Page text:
Alum adds organic element to EDM genre with his group #CAKE
Alumnus Fred Foos is a member of EDM group #CAKE, along with Julian Tipler and Michael Buchholz. The trio branches out of typical EDM conventions by incorporating sounds from different instruments and genres. (Daniel Leibowitz/Daily Bruin)
The members of #CAKE were in high school when they produced their first EDM song together. But while they were making it, their computer glitched, and the song slowed to 70 percent of its original speed.
They loved it.
“We had no idea what we were doing, but we liked the sounds that we were making,” said Fred Foos, one of the members of #CAKE and a UCLA alumnus.
Foos and his childhood friends, Julian Tipler and Michael Buchholz, have been producing music together since high school under the moniker of #CAKE – pronounced “pound cake.” Working out of Los Angeles, Santa Barbara and Houston, respectively, the trio has worked on creating their own sound and hopes to release new music on SoundCloud by the end of the summer.
The trio grew up together in San Diego, where they lived on the same street as children. Outside on the street they played football, but inside Tipler’s bedroom, they played instruments – Foos played bass, Tipler played guitar and Buchholz played piano.
Foos didn’t begin playing electronic music until he was 14 years old, after Tipler’s father bought Tipler the music production software FL Studio , which is used by many electronic music and hip-hop producers.
“We just started playing around with it, kind of like you would with any toy,” Foos said.
Foos said that it wasn’t until he began producing electronic music with the group that he became interested in and listened to electronic music. The members of #CAKE primarily listened to rock music before producing electronic music.
“The interesting thing behind #CAKE is that none of us had an EDM background when we got into it,” Foos said. “I think that’s what actually helped us develop our sound into what it is now; we were never boxed into these conventions.”
Foos said he’s noticed that many other producers nowadays start producing electronic music because they enjoy listening to certain genres of music, like dubstep, which limit them to a set of parameters, such as its specific tempo and instrumental composition.
In fact, the repetitive nature of some EDM genres, such as dubstep, has made it difficult for the trio to find their own sound, Buchholz said. New innovations such as vocal beat drops become cliche in just a couple of years because a large number of EDM artists use them, he said.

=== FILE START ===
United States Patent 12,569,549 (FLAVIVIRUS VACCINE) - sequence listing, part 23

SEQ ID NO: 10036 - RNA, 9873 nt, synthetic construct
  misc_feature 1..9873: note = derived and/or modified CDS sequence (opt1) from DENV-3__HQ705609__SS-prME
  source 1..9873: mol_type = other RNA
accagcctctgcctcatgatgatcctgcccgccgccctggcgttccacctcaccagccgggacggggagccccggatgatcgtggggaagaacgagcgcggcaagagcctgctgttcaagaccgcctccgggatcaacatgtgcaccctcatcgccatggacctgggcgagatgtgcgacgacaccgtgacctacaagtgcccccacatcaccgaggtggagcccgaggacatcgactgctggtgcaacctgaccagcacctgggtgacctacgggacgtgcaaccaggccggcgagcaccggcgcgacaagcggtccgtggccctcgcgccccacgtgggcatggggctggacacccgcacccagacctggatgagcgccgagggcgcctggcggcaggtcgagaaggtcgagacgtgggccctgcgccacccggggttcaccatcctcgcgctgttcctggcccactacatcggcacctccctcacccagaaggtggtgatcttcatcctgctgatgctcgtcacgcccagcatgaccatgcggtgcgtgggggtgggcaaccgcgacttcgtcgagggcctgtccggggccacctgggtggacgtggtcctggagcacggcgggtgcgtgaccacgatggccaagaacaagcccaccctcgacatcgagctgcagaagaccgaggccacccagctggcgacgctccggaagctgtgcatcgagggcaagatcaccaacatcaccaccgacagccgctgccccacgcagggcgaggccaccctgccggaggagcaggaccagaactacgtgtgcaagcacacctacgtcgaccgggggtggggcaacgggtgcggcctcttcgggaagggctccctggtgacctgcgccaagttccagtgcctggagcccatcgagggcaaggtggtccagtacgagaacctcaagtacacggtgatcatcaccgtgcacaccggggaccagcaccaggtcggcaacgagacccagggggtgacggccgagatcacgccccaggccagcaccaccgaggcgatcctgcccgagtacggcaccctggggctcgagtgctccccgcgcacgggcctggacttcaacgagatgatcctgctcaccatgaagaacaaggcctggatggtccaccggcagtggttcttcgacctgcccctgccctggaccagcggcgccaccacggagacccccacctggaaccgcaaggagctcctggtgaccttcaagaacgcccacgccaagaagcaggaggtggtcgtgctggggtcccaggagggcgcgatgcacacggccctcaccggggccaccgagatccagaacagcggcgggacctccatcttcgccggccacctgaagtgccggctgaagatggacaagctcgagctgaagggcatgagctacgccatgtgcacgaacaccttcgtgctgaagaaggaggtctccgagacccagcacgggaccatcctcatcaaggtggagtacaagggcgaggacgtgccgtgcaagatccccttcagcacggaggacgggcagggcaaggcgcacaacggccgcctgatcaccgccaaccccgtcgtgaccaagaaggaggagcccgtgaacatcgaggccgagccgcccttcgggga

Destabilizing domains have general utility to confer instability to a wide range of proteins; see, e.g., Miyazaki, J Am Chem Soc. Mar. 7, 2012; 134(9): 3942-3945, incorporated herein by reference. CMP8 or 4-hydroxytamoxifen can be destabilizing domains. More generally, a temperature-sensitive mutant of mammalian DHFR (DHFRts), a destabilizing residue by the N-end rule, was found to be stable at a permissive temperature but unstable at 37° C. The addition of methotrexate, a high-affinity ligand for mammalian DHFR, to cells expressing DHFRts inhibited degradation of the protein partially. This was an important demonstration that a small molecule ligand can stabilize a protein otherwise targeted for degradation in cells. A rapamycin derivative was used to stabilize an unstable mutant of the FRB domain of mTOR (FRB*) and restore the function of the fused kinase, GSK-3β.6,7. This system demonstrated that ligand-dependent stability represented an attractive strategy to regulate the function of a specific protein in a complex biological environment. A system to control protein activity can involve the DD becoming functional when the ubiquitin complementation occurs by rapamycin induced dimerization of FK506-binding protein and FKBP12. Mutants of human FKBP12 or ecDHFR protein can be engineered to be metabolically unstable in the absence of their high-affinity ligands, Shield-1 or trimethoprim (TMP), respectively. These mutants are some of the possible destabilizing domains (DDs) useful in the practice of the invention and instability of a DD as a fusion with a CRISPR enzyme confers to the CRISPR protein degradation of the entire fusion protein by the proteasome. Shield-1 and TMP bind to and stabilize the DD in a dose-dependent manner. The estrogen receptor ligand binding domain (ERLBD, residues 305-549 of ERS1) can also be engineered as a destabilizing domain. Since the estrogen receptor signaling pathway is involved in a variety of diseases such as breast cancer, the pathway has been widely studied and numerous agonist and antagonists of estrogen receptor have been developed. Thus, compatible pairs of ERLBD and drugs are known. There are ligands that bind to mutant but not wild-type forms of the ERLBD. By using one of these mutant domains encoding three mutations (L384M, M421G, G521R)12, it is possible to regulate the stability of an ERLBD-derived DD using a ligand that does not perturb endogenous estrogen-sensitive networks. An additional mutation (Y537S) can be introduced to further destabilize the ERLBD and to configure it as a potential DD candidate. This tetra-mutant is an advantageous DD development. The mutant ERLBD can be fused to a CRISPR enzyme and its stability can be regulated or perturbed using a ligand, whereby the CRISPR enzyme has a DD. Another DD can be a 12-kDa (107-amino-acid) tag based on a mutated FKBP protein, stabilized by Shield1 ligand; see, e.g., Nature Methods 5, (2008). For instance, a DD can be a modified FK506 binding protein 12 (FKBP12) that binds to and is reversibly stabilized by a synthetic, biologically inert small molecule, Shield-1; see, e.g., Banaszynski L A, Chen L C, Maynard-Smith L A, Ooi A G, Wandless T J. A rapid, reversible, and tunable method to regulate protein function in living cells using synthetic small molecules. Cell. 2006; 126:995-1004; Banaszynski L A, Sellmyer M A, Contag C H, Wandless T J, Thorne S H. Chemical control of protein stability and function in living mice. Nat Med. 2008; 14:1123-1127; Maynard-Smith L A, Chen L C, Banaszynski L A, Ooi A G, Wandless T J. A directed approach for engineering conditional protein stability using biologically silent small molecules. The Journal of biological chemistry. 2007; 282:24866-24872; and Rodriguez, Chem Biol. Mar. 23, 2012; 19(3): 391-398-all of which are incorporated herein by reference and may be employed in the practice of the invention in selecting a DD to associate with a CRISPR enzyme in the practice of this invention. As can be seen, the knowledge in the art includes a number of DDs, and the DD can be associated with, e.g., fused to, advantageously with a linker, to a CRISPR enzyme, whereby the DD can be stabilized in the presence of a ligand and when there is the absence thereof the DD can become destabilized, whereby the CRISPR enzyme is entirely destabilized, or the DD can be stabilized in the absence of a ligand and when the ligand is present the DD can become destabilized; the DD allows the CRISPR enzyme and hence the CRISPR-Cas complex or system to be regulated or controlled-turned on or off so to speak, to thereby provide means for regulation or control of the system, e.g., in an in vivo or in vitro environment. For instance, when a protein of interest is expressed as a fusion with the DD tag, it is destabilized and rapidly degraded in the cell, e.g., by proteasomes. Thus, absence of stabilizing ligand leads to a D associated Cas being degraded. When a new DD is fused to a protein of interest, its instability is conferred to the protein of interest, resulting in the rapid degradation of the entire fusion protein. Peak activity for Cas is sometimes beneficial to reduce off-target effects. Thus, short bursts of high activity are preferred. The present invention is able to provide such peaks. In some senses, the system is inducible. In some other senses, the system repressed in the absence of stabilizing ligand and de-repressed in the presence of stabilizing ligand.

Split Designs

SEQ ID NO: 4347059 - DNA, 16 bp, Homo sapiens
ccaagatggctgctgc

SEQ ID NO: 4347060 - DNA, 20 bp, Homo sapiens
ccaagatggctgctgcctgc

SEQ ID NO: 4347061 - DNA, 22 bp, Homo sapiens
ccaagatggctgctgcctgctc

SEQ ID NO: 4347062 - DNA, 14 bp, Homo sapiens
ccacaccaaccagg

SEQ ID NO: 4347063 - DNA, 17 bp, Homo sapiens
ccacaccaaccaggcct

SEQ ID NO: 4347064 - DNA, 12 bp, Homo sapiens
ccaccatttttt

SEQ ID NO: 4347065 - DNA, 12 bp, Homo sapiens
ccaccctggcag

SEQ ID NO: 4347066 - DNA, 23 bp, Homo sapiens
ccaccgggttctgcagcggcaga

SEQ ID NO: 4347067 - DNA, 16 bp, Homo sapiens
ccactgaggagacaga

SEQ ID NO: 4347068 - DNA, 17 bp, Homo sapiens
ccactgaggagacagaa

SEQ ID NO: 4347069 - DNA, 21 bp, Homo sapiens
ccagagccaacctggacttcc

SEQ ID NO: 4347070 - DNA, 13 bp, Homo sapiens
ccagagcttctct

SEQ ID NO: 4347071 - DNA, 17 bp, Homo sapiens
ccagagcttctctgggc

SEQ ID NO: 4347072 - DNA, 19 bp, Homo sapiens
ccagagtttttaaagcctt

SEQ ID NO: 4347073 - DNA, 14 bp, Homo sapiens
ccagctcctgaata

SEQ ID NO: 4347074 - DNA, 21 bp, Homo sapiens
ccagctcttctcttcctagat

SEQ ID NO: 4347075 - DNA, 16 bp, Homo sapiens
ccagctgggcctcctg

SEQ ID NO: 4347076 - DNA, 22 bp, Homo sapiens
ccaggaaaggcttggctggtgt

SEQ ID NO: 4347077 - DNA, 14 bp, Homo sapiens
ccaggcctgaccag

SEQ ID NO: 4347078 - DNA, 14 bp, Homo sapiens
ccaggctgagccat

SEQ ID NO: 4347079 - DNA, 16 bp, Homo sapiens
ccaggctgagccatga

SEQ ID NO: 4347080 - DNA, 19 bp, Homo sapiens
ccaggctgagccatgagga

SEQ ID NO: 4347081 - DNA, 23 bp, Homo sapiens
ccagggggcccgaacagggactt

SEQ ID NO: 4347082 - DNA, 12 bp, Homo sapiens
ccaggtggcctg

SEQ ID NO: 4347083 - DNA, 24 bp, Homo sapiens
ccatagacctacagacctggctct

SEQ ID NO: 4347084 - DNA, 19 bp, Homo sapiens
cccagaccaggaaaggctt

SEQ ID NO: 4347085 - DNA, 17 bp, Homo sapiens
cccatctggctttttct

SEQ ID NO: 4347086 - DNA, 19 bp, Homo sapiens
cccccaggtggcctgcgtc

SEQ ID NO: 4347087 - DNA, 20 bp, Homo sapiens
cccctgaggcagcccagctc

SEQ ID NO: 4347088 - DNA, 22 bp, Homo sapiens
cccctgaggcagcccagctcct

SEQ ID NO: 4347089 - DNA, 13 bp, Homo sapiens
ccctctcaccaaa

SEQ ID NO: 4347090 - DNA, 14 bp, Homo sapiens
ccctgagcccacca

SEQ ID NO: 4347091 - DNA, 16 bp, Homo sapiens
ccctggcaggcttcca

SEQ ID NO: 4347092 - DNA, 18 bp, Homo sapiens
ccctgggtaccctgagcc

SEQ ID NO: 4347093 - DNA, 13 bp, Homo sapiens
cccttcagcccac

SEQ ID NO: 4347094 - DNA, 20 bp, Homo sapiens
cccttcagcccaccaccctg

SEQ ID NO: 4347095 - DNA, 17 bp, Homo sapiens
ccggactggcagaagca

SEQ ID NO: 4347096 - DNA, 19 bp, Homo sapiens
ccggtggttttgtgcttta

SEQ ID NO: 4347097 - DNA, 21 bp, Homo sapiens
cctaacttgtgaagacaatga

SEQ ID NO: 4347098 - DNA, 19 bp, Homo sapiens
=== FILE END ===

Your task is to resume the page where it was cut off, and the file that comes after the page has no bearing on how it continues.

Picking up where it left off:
“You have to kind of think about what is going to be popular two or three years from now rather than what’s popular right now,” Buchholz said. “We want to have our own footprint and do something original with that.”
Buchholz said the trio’s music has been constantly evolving during their search for originality. One way the members have tried to make their music stand out is by incorporating samples of real instruments into their otherwise synthesized beats on FL Studio.
The group likes to blend different instruments and genres into their electronic music, Foos said. They incorporated jazz influences into one of their unreleased songs, and used the tabla, a South Asian percussion instrument, on another.
Tipler said the addition of instruments outside of the EDM genre has helped to make #CAKE’s sound more organic. The trio has also added vocals and written lyrics for guest artists to several songs as opposed to purely synthesized beats.
“(Synthesizers) are kind of bland if you just have a track composed entirely of (synthesizers),” Tipler said. “They don’t have a lot of dynamics and impurities, so if you use a sample, it’s much more sort of real, and I feel like people can identify with it more.”
Foos said that he and the other members of #CAKE are not going to place any limits on their future aspirations and are excited to watch their musical career unfold day by day. Since Foos and Tipler just graduated in June, they plan to use their extra free time to produce even more music, with the hopes of releasing two to three songs throughout the summer.
“We’re mostly just making music because we like it, and we really believe in it.” Foos said.